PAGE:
As Lagos continues to develop, there are some residents who have to pay the price that comes with building the megacity.
Activist Olutimehin Adegbeye highlights this element of being a part of the city as a fluid concept determined by several things including class.
"Who belongs in a city?" This was the title of a speech given by the writer at a Ted Talk in August 2017 in Arushat, Tanzania.
In her speech, Adegboye highlights the key challenges faced by a specific group of people in the development of megacities.
“Among the Yoruba, we have a saying, "Èkó gb’olè, ó gb’ọ̀lẹ," which can be translated to mean that Lagos will welcome anyone. But that saying is becoming less and less true”, she says.
On March 17, 2017, residents of Otodo-Gbame fishing community in Lagos State, were woken up by uninvited visitors made up of helicopters, gunboats and police trucks. Moments later, the slum of over 5,000 inhabitants had been reduced to rubble and the residents forcefully evicted.
Otodo-Gbame community stands as a paradox--it is a slum of shanties, peasants, mat-weaving fishermen and divers who are just a few meters away from the wealth, interlocked roads and high-rise buildings of Lekki Phase 1 and the rest of highbrow Lagos Island.
Despite this demolition, the residents returned to rebuild what was destroyed but their plan was foiled when on April 9, 2017, armed policemen and other paramilitary agents under the aegis of the Lagos State Government visited the settlement of Otodo-Gbame and made sure they left the land.
The Lagos state government defended its actions saying the shanty town was demolished because it was illegal and a hideout for militants.
In a bid to boost the commercial value of the city and attract investors, there are some who have to pay the price and this cost includes harassment, imprisonment, homelessness and even accidental death. There's clear evidence that there's no room for the poor man in the growing carnivorous city called Lagos.
“Many Lagosians, including the descendants of those fisherpeople who arrived generations before my grandfather, are now being pushed out to make room for an emergent city that has been described as "the new Dubai””, Adegbeye said at TEDGlobal.
“Lagos inspires big dreams, even in its leaders, and successive governments have declared aspirations towards a megacity where poverty does not exist. Unfortunately, instead of focusing on the eradication of poverty as you would expect, the strategy of choice focuses on eliminating the poor”.
Lagos is one of the world’s largest cities with a population of almost 21 million. The once former capital of Nigeria still remains a key commercial hub for the country Despite this, Lagos still faces the challenges many other megacities suffer including air pollution, traffic, homelessness and slums.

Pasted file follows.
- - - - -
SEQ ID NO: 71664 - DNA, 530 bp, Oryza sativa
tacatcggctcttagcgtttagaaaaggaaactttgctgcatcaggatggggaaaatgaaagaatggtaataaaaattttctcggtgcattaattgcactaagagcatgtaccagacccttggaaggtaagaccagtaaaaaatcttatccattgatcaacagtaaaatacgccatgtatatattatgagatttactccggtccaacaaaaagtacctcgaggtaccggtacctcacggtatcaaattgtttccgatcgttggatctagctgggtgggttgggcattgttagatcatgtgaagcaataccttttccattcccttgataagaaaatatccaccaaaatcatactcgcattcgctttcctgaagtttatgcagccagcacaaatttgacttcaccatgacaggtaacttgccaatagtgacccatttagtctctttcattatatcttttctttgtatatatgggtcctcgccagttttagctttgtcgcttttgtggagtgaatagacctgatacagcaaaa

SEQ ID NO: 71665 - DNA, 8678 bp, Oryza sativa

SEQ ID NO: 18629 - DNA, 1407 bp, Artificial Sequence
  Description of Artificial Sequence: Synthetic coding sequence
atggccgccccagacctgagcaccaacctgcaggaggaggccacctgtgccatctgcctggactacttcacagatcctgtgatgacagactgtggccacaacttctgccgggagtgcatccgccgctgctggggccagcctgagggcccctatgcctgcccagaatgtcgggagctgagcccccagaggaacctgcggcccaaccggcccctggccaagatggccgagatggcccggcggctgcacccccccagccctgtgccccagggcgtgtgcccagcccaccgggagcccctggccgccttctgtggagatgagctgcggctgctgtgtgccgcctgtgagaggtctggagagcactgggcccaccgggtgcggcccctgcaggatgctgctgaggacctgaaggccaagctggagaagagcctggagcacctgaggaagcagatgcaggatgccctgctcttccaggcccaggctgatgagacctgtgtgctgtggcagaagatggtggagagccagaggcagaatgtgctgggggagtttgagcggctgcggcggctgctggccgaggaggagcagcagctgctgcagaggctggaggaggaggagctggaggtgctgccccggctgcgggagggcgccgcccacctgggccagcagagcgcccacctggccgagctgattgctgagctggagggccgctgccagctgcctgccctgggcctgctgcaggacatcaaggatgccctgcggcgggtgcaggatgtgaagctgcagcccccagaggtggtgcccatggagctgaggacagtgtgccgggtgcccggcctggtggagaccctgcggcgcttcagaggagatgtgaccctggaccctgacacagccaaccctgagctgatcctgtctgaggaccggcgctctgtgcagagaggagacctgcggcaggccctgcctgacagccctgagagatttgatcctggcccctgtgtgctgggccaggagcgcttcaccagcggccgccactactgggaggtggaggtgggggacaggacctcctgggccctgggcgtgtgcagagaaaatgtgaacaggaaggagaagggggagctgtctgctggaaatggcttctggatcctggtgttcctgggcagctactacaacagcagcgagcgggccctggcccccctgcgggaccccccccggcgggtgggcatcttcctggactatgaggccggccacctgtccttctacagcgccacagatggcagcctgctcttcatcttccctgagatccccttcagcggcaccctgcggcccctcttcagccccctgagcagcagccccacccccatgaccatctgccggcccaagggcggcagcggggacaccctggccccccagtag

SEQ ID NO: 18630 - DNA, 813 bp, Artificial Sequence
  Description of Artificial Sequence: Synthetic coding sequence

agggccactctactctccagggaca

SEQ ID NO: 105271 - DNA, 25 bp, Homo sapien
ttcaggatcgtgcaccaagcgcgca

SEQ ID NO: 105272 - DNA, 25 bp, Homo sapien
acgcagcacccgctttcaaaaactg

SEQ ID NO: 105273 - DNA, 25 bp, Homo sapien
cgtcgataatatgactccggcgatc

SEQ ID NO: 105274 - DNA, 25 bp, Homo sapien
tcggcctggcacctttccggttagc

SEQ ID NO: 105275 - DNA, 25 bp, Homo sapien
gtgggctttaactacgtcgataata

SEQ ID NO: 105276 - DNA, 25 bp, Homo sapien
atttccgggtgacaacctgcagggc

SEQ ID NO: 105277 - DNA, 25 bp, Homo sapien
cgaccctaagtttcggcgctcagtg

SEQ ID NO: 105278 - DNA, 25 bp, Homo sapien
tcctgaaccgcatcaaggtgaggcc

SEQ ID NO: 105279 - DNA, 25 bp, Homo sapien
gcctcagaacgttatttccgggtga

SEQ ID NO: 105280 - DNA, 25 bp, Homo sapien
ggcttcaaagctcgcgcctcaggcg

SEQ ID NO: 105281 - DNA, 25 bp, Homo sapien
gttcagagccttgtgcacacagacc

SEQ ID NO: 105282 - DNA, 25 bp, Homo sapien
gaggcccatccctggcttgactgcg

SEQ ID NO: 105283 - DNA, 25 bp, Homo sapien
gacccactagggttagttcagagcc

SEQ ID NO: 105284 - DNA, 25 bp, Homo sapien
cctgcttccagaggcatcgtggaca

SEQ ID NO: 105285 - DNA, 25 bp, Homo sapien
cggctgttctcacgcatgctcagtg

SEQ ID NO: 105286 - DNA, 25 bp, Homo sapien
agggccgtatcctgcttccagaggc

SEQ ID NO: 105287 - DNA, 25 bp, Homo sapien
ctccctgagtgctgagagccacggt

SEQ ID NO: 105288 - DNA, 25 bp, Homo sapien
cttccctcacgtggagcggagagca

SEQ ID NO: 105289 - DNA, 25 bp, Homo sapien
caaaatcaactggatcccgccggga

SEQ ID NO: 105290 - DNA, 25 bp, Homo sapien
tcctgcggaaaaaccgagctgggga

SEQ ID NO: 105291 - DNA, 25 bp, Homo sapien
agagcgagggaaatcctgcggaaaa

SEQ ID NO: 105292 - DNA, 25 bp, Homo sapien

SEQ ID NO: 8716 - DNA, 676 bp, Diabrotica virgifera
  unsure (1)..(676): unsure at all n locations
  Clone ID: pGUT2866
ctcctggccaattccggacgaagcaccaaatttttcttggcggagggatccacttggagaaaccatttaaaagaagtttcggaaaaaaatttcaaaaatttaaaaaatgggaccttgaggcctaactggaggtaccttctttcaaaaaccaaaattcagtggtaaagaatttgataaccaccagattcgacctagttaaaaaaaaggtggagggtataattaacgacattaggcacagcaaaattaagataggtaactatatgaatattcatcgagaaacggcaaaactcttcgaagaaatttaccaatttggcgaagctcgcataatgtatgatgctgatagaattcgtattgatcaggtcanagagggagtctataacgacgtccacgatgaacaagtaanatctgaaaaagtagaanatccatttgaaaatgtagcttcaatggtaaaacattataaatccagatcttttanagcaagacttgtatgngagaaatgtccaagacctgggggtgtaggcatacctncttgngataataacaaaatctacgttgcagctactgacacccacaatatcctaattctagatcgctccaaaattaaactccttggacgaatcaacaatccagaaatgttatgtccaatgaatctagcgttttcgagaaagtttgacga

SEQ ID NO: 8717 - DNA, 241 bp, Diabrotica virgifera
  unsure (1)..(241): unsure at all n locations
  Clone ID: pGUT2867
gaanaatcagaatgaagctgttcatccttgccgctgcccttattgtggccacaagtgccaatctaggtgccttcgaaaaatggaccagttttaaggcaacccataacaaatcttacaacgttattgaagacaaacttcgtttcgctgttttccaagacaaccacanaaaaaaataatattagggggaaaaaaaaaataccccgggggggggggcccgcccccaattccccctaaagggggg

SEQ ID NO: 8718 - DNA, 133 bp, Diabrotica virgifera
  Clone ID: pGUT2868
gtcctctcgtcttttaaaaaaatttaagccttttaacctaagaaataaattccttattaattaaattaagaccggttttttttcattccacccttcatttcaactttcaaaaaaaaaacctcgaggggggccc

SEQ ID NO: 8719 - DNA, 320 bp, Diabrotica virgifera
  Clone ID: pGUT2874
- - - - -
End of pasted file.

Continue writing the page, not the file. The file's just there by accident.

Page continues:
Other than the fact that the dwellers in Otodo-Gbame and other communities like it settled on the land centuries ago, it also shows that there's an issue with housing in the state. As of May 2016, there was a housing deficit of 2.55 million.
Adegbeye points out the inequality in the system by saying how we believe a home is something everyone but poor people are entitled to.
“But there is no single definition of the word "home." After all, what is a slum besides an organic response to acute housing deficits and income inequality? And what is a shanty if not a person making a home for themselves against all odds? Slums are an imperfect housing solution, but they are also prime examples of the innovation, adaptability and resilience at the foundation -- and the heart -- of every functional city. You don't need to be the new Dubai when you're already Lagos”.
Most importantly in her speech she called attention to how several other poor settlements in Lagos despite being disadvantaged have been able to create innovations that benefit their communities.
“Slum dwellers are often at the forefront of innovating solutions. After being disconnected from the grid for months because the power company couldn't figure out how to collect bills, one settlement designed a system that collectivized remittances and got everyone cheaper rates into the bargain.
“Another settlement created a reform program that hires local bad boys as security. They know every trick and every hideout, so now troublemakers are more likely to get caught and reported to police and fewer of the youth end up engaging in criminal activity. Yet another settlement recently completed a flood-safe, eco-friendly communal toilet system. Models like these are being adopted across Lagos,” the writer said.
She called for citizens to hold the government accountable for its actions.
“Informal settlements are incorrectly named as the problem. In fact, the real problems are the factors that create them, like the entrenchment of poverty, social exclusion and state failures.
“When our governments frame slums as threats in order to justify violent land grabs or forced evictions, they're counting on those of us who live in formal housing to tacitly and ignorantly agree with them. Rather, we must remind them that governments exist to serve not only those who build and live in luxury homes, but also those who clean and guard them”.
Meanwhile on Wednesday, June 21, 2017, Justice Surajudeen Onigbanjo of an Igbosere High Court ruled that the government's eviction of the residents of Otodo-Gbame was unconstitutional and ordered the government to enter into negotiation talks with them to discuss resettlement plans.